Best Fiction for Young Adults (#BFYA2020) Nominees Round Up, July 26 Edition

Click here to see all of the current Best Fiction for Young Adults nominees along with more information about the list and past years’ selections.

We Rule the Night by Claire Eliza Bartlett
Little, Brown Books for Young Readers / Hachette
Publication Date: April 2, 2019
ISBN: 978-0316417273 

Inspired by Russian history and the Night Witches of World War II, We Rule the Night centers on Linne, the daughter of a general, and Revna, the daughter of a traitor, who become reluctant partners when they join the Union’s first all-female flight unit, using illegal magic to fly aircrafts on dangerous missions during wartime.

With excellent world-building and strong characterization, Bartlett creates a vivid and riveting military fantasy. The magic is unique, particularly in how it’s used to operate planes. Antagonists, such as the Union’s supernatural military informants called the Skarov, are complex, adding further depth. The Union is written with its own set of laws and principles, and the military aspects are similarly thorough and detailed.

Linne and Revna are distinct and multifaceted. The evolution of their relationship from contemptuous adversaries forced to work together to loyal comrades willing to sacrifice themselves for the other is masterfully done, showing how the bond between soldiers at war grows, strengthens, and intensifies over time.

Feminist themes are prevalent as Linne, Revna, and the other female pilots receive little respect and shoddier equipment compared to their male counterparts, but demonstrate that they are just as capable. Moreover, while often dismissed because of her disability, Revna proves she is a skilled pilot. Despite their society’s misogynistic and ableist views, Linne and Revna know their own worth and act heroically, which is impactful.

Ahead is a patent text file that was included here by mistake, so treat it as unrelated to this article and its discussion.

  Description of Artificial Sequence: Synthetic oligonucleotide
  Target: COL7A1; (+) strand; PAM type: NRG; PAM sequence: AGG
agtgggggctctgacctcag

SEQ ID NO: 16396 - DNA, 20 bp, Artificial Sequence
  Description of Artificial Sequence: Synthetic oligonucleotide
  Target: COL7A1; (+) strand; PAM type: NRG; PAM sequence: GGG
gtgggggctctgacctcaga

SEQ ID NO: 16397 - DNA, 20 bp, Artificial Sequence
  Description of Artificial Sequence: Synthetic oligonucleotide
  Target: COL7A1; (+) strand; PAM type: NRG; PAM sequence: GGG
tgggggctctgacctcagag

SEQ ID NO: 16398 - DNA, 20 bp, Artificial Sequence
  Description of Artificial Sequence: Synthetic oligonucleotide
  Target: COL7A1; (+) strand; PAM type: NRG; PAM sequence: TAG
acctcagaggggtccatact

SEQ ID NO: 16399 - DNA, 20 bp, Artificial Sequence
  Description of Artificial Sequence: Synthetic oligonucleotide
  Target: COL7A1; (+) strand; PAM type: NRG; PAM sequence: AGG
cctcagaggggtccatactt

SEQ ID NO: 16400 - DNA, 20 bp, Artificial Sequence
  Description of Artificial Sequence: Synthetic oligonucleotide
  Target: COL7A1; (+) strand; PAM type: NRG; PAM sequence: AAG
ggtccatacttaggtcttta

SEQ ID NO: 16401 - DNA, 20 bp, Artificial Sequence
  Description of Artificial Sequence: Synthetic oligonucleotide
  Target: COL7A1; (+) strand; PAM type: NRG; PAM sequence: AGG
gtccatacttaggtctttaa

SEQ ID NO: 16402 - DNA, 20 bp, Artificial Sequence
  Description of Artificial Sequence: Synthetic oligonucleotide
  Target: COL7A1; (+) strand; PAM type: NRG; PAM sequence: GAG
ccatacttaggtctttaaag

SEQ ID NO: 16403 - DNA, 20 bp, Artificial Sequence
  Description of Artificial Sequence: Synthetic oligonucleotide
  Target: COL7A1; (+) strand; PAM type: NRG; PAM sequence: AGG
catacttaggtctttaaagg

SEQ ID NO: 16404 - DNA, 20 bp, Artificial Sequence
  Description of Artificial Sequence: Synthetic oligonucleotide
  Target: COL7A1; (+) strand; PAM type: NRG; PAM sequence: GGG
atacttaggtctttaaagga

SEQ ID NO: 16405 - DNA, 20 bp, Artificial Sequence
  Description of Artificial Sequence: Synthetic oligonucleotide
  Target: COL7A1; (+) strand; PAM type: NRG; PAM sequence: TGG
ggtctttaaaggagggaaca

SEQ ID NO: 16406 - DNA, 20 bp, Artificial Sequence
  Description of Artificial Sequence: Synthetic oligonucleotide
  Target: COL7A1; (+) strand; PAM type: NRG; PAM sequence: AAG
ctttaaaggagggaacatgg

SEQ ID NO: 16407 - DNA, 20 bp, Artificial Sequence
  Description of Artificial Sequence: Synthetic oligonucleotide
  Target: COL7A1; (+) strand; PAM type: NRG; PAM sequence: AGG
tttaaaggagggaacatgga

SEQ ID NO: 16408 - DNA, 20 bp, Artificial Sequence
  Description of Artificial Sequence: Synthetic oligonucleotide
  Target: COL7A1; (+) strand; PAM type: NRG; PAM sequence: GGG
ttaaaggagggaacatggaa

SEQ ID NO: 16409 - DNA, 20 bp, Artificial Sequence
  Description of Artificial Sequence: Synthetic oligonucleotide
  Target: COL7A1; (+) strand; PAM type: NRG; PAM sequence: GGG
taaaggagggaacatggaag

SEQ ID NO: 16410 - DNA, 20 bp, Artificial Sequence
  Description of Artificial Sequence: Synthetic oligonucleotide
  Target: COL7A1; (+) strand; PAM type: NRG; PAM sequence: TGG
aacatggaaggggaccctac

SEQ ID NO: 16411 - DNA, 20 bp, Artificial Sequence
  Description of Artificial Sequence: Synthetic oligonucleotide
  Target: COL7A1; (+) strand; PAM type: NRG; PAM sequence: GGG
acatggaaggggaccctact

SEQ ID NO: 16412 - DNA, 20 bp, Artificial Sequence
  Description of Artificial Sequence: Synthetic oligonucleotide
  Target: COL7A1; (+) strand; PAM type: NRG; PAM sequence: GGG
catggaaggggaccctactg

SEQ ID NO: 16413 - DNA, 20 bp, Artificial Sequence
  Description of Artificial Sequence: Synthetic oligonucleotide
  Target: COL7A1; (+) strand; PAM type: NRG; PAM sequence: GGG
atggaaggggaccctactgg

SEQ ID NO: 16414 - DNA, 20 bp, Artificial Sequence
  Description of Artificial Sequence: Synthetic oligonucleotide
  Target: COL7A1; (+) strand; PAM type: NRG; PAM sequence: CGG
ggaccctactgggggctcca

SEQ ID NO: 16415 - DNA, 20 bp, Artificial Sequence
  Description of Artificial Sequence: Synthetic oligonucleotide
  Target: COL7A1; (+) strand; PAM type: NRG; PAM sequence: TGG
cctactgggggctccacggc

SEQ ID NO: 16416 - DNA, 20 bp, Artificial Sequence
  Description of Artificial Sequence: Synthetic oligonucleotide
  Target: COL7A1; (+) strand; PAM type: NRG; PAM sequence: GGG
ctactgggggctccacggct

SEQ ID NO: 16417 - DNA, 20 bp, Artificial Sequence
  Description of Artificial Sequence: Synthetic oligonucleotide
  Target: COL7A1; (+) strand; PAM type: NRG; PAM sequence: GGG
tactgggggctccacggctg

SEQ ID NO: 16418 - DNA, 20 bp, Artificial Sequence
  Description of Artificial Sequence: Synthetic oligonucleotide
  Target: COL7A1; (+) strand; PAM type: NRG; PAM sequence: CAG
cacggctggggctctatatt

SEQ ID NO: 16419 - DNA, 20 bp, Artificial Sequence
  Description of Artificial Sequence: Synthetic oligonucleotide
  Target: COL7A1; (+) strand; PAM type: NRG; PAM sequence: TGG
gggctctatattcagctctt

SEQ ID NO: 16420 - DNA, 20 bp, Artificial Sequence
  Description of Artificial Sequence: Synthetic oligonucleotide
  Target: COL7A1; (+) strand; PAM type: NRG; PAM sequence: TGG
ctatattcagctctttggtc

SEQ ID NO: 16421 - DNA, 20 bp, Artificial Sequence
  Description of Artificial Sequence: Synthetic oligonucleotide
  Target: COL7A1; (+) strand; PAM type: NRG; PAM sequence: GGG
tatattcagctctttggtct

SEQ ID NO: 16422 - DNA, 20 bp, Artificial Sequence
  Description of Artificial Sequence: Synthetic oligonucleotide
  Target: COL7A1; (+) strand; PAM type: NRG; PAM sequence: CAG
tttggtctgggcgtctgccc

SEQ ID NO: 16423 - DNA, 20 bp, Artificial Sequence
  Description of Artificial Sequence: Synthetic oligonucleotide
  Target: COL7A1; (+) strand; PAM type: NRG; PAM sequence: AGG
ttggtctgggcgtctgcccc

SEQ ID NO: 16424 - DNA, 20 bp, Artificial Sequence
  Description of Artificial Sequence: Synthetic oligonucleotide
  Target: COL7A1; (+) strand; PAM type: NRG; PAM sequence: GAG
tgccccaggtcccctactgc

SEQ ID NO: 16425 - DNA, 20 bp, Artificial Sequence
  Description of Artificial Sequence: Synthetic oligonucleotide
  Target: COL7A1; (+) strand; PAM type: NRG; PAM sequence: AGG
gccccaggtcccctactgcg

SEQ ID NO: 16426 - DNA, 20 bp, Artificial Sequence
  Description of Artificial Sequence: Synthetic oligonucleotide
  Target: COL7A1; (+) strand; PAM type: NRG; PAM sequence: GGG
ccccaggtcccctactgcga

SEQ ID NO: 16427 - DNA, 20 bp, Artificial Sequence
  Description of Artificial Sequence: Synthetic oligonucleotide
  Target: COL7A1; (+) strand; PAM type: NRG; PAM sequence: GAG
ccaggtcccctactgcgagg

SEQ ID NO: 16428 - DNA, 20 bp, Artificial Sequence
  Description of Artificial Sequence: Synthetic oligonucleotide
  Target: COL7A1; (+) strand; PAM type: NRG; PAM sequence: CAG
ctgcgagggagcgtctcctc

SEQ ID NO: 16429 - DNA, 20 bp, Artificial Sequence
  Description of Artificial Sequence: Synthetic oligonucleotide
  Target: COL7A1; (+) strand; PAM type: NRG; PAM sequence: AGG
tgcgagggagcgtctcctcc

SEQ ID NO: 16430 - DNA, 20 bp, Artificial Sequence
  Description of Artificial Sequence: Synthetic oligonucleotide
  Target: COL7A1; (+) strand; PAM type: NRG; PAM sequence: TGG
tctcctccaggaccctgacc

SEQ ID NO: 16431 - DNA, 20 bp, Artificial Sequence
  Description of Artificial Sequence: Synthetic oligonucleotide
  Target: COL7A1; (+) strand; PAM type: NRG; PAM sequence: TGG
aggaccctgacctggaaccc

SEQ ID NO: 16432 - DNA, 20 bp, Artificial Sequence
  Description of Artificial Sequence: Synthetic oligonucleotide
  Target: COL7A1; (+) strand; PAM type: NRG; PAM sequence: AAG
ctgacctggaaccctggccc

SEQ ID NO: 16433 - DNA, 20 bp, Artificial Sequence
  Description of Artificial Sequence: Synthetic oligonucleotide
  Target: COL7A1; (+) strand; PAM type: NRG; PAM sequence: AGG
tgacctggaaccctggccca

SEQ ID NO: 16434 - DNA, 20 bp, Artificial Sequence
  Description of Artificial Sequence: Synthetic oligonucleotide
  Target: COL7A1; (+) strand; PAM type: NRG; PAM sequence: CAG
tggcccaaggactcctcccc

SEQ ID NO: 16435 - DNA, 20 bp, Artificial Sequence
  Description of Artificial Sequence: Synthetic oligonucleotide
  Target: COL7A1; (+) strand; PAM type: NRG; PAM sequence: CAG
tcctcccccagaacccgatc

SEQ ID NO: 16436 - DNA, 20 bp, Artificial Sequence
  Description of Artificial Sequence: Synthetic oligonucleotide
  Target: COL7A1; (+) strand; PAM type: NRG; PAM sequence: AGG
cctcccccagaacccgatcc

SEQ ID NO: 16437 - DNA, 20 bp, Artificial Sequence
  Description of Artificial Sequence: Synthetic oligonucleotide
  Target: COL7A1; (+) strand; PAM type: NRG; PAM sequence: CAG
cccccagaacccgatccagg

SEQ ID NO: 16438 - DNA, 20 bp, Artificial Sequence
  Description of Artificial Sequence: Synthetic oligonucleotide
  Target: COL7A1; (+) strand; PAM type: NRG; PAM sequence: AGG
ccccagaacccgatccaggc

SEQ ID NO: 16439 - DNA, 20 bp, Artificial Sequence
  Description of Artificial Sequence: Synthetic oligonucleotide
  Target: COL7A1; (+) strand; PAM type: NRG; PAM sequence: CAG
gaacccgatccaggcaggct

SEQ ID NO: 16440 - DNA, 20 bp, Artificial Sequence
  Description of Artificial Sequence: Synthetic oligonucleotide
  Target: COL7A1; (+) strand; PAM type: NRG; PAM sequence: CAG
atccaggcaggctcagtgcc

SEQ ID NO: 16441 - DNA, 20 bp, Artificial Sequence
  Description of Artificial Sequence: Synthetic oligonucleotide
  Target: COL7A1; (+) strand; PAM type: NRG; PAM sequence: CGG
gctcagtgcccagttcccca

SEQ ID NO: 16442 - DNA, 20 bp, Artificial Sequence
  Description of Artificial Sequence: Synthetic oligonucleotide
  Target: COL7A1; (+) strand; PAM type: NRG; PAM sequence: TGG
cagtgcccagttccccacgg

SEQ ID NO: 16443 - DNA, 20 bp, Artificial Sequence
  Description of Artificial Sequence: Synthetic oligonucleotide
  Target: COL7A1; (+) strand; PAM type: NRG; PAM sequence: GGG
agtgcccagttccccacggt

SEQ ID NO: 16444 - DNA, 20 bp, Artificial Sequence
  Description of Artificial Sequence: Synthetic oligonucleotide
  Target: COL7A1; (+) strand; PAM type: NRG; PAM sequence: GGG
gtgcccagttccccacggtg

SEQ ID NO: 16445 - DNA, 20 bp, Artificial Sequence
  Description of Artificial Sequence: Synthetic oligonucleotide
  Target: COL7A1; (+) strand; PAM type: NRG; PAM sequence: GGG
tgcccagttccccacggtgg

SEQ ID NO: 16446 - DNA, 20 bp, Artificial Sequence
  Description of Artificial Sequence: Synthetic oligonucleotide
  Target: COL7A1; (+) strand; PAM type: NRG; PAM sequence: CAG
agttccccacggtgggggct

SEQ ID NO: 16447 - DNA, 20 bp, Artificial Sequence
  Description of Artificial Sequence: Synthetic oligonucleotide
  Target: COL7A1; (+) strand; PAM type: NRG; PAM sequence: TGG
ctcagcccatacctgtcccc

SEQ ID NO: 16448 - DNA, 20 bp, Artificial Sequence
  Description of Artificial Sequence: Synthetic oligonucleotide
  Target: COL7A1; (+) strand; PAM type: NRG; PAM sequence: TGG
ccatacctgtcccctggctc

Hand this to fans of Evelyn Skye’s Russian-inspired fantasy series The Crown’s Game, Kathryn Lasky’s historical fiction novel The Night Witches, or Michael Grant’s alternative history series Front Lines.

–Laura Giunta and Jodi Kruse


Sorry For Your Loss by Jessie Ann Foley
HarperTeen / HarperCollins
Publication Date: June 4, 2019
ISBN: 978-0062571915

Pup, the youngest of eight children in a close knit, boisterous family, is rarely noticed and doesn’t seem to mind. His unexpected success at a photography assignment leads him to look at his friendships, his family, and the tragic death of his brother, in a whole new light.

The novel tackles heavy subjects – grief and alcoholism – without coming off as preachy or melodramatic. Pup hasn’t been able to process the grief after his closest brother dies unexpectedly at college, until he discovers a talent for photography. His art allows him to explore his unique point of view, his feelings, and his identity as he begins the transition from adolescence to adulthood. Peppered with humor, this poignant novel will speak to anyone struggling with grief or to find their place in the world. The characters are well drawn and we get to know them through their actions and words. Foley has a beautiful way with words – descriptions of the setting, in particular, are vivid enough that the Chicago neighborhood feels like a character in its own right.

Tender and warm-hearted, fans of realistic fiction like I’ll Give You the Sun by Jandy Nelson or The Serpent King by Jeff Zentner will find a new favorite.

–Molly Wetta